KALISPELL - There are troubles facing Montana teens and steps are being taken to address them.
We've reported on the 2021 results of the Montana Youth Risk Behavior Survey which shows that 41% of high school students reported feelings of depression over the last year — a 30-year high.
But Montana leaders have also been studying other youth impacts like drugs and alcohol and in the Flathead, they're trying to positively influence the next generation.
More than 25 community leaders in Flathead County gathered Tuesday to support the first phase of the “Communities That Care” initiative.
Communities That Care uses prevention science to improve public health by identifying risk and protective factors and implementing evidence-based programs into the community.
“It’s like the saying, many hands make light work,” said Communities That Care Coordinator Leanna Troesh.
Substance abuse, delinquency, anxiety, and depression are all concerning factors troubling youth across the country — especially in Flathead County.
“Community-wide change takes a long time and so we gather this data and by in the fall we might have this data in our hands and start to take a look at that," added Troesh.
Based on a Prevention Needs Assessment in 2018, 44% of high school seniors in Montana have consumed alcohol in the last 30 days at the time of the survey.
That compares to the national average of 32%.
Troesh said community leaders plan to look hard at science-driven data to improve mental health and protective factors among Flathead youth.
“Last fall with all the death by suicides especially with our youth in the schools, right now you can see behind me there’s so much motivation to really start making that change so, if there’s ever a time to start this process, it couldn’t have been a more perfect time,” said Troesh.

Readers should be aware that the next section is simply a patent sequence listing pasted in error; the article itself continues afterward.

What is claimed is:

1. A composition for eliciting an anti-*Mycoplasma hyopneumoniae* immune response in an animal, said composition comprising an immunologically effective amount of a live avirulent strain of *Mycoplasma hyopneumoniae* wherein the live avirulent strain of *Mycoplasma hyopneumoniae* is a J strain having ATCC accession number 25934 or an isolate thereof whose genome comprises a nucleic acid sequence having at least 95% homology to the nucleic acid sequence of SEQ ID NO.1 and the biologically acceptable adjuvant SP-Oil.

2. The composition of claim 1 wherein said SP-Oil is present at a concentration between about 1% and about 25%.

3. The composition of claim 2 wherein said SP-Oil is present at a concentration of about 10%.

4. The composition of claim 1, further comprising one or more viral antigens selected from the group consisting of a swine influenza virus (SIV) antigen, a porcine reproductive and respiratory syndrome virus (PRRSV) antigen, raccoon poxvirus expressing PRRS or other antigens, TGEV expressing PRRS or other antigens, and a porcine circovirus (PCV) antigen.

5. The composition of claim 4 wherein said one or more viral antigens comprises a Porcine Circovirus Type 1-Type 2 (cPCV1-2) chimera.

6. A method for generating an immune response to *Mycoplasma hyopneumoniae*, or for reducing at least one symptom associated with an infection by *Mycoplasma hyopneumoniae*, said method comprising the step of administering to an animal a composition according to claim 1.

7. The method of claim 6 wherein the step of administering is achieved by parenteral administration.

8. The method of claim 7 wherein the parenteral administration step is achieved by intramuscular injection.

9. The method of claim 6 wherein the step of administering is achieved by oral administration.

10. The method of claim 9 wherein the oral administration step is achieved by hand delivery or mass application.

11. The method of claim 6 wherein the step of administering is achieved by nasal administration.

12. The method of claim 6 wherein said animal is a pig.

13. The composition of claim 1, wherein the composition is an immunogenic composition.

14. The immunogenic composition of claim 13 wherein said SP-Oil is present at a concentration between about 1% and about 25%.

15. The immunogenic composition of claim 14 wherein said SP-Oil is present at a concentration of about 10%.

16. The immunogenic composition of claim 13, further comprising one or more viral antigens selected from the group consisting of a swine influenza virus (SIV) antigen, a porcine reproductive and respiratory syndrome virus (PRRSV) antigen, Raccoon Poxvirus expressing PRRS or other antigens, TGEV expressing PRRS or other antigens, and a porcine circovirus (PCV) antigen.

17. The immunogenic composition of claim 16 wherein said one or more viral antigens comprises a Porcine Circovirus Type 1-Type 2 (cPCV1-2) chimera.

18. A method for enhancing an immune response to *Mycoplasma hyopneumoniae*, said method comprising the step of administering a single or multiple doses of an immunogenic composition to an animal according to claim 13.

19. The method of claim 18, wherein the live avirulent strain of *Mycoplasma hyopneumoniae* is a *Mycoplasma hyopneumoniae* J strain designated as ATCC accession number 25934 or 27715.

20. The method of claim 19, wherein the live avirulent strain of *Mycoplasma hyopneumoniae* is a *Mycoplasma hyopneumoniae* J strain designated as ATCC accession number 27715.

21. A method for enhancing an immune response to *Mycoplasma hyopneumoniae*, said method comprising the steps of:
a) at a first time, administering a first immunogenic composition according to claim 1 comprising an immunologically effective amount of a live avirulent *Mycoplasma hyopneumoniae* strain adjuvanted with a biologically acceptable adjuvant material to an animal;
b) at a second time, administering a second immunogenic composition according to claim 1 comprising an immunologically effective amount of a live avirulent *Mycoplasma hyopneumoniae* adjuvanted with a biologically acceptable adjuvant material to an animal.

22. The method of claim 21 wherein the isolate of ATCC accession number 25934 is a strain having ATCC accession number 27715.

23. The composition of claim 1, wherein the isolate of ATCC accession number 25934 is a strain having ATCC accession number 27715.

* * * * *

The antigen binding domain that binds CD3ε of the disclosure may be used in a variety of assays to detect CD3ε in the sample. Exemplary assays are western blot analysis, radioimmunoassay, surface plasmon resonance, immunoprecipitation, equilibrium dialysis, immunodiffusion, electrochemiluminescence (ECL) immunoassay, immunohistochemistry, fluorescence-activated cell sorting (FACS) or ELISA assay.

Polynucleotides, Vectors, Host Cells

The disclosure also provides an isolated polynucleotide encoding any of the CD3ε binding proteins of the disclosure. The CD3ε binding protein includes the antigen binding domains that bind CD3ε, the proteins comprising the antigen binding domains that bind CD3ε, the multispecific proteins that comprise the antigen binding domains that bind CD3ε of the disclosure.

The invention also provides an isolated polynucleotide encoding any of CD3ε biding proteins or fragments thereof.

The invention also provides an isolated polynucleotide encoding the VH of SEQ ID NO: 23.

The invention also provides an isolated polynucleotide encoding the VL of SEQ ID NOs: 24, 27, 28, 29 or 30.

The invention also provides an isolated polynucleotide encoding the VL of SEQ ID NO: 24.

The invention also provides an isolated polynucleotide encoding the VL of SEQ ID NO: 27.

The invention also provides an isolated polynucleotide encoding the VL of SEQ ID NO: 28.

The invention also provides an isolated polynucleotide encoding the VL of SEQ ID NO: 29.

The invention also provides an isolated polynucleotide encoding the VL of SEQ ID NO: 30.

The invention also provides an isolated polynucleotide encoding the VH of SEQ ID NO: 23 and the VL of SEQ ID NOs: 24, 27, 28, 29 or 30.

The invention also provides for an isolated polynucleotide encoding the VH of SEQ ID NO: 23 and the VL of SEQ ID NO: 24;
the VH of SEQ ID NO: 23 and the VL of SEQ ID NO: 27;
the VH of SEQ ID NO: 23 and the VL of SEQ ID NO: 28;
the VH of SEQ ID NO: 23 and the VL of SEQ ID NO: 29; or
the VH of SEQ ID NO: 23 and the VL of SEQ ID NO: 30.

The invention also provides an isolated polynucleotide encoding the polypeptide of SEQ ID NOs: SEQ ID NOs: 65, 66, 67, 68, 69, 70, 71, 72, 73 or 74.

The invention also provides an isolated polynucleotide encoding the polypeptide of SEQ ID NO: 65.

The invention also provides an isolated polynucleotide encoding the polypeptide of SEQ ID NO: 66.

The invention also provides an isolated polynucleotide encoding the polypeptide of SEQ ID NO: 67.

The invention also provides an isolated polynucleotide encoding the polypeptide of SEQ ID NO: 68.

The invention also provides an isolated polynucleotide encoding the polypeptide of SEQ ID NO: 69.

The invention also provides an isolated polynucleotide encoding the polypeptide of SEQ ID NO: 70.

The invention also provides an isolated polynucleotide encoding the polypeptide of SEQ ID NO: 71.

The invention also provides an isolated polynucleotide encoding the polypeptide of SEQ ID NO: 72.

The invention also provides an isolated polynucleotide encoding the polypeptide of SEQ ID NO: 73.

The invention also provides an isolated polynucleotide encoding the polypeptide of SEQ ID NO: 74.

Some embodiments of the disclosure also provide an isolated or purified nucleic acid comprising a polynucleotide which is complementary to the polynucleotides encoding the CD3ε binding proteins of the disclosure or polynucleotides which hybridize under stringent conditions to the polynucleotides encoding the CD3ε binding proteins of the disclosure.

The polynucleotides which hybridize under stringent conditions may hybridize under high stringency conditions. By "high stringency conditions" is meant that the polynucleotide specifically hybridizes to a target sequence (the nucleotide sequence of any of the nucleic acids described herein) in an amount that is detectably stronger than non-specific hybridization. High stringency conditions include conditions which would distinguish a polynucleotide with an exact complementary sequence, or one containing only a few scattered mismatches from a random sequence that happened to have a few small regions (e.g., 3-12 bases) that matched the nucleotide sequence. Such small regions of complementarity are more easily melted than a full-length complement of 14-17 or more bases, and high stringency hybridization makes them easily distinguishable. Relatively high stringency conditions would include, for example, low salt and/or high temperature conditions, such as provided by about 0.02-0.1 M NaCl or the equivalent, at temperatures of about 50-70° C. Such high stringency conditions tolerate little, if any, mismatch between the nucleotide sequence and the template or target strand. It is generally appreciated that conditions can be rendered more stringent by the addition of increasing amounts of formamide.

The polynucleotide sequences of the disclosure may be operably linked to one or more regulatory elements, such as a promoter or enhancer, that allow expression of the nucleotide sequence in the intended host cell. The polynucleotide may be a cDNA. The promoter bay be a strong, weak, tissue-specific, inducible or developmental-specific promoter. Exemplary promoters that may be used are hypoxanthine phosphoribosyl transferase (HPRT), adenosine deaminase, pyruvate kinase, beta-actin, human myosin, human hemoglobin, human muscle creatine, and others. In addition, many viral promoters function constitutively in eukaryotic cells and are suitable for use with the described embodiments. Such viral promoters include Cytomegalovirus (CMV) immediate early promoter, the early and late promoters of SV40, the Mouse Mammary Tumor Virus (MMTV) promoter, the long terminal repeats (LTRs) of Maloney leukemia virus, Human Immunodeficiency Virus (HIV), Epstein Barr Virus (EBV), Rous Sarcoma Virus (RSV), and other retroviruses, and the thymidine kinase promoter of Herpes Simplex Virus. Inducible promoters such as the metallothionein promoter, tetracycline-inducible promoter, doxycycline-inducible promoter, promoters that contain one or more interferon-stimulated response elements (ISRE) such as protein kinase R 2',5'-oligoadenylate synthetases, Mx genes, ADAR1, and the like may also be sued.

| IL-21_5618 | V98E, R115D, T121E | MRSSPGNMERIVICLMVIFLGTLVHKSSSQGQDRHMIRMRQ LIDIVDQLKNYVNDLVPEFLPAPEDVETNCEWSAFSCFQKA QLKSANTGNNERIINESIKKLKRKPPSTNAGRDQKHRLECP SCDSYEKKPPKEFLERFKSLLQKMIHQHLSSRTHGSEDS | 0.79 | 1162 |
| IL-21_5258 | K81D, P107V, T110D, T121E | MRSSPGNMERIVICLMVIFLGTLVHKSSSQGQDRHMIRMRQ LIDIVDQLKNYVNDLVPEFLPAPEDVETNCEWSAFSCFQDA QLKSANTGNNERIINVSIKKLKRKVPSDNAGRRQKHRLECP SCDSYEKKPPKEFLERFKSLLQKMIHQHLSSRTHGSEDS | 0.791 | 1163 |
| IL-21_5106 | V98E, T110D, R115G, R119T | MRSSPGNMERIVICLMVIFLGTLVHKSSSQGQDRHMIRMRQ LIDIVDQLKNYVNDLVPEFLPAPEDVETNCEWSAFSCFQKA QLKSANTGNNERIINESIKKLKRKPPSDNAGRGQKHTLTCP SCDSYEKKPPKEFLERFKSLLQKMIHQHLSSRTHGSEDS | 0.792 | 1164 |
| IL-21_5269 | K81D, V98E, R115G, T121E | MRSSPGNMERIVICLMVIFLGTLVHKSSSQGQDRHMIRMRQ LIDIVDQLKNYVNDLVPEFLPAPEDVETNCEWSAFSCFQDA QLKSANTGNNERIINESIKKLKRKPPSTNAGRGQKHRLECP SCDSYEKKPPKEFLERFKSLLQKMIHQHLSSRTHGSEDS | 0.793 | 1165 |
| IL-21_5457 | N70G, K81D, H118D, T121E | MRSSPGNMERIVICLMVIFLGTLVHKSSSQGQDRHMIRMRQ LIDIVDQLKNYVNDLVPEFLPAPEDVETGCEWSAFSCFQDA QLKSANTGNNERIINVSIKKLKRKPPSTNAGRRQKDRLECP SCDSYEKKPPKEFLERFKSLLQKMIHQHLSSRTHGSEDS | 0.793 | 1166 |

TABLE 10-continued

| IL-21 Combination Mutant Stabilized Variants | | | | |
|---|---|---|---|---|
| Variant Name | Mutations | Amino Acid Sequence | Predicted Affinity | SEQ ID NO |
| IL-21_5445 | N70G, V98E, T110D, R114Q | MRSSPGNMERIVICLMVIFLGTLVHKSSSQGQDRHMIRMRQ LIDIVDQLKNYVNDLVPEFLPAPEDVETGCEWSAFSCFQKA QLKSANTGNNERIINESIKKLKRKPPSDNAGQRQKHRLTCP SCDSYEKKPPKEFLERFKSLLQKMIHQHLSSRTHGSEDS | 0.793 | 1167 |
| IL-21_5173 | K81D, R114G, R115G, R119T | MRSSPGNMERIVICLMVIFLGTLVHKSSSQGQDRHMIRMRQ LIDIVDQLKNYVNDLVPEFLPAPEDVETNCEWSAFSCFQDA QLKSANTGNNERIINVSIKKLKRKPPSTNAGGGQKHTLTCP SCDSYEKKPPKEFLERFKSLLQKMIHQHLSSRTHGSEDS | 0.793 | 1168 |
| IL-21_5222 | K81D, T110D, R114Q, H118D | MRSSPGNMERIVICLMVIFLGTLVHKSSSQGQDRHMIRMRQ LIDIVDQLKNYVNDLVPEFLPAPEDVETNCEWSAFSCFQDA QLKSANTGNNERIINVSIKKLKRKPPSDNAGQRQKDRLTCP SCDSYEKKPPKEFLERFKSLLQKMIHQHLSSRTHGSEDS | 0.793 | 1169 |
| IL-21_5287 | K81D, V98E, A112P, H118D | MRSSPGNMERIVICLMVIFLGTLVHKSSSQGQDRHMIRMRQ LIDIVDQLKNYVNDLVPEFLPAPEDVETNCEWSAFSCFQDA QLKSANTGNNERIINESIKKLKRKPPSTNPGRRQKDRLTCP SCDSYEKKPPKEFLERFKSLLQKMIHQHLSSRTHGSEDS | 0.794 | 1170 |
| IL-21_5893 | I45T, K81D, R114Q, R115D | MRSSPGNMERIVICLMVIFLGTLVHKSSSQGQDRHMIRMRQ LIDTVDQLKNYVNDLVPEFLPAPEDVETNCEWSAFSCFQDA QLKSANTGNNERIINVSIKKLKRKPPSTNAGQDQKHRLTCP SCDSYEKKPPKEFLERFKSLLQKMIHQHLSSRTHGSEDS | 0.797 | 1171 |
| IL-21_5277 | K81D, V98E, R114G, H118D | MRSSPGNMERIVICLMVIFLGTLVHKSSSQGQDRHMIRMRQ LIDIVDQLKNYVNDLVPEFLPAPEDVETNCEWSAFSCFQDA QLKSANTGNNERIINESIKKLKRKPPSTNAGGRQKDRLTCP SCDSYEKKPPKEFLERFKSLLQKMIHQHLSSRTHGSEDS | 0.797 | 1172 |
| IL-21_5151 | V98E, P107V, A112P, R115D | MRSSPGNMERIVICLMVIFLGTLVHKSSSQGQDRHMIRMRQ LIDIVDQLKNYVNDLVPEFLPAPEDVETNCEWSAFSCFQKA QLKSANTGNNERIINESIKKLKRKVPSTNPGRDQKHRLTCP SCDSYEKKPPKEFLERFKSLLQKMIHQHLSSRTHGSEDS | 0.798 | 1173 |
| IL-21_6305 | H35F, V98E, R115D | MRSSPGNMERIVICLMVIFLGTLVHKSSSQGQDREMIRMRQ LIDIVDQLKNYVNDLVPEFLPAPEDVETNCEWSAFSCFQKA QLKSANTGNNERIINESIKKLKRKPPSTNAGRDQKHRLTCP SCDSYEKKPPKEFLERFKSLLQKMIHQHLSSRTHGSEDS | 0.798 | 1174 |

Flathead Food Bank Executive Director Jamie Quinn — who previously worked with Communities That Care in Pennsylvania — says she wants to help bring positive change to Flathead County.
“It’s a really long time of planning on the front end of it, but it’s really important for the long run of how we formulate as a community and how we do with these stressors that are going to come into these kiddos lives,” said Quinn.
Quinn added that providing extra resources and support groups at schools for both students and families will go a long way.
“Because that also then provides that support of resiliency for those families because our schools are doing a great job here but it’s sometimes at home and overall, throughout the community that the kids are feeling that disconnect and we need to make sure that we provide that connection and sometimes the schools are the best places to start that with families,” said Quinn.
Troesh said the team will study science-driven data and implement a strategic plan in the coming months to bring more evidence-based outreach programs into Flathead County.
“It does take a process, community-wide change happens at a slow snail’s pace, but with commitment and excitement and urgency, we can really make it happen,” added Troesh.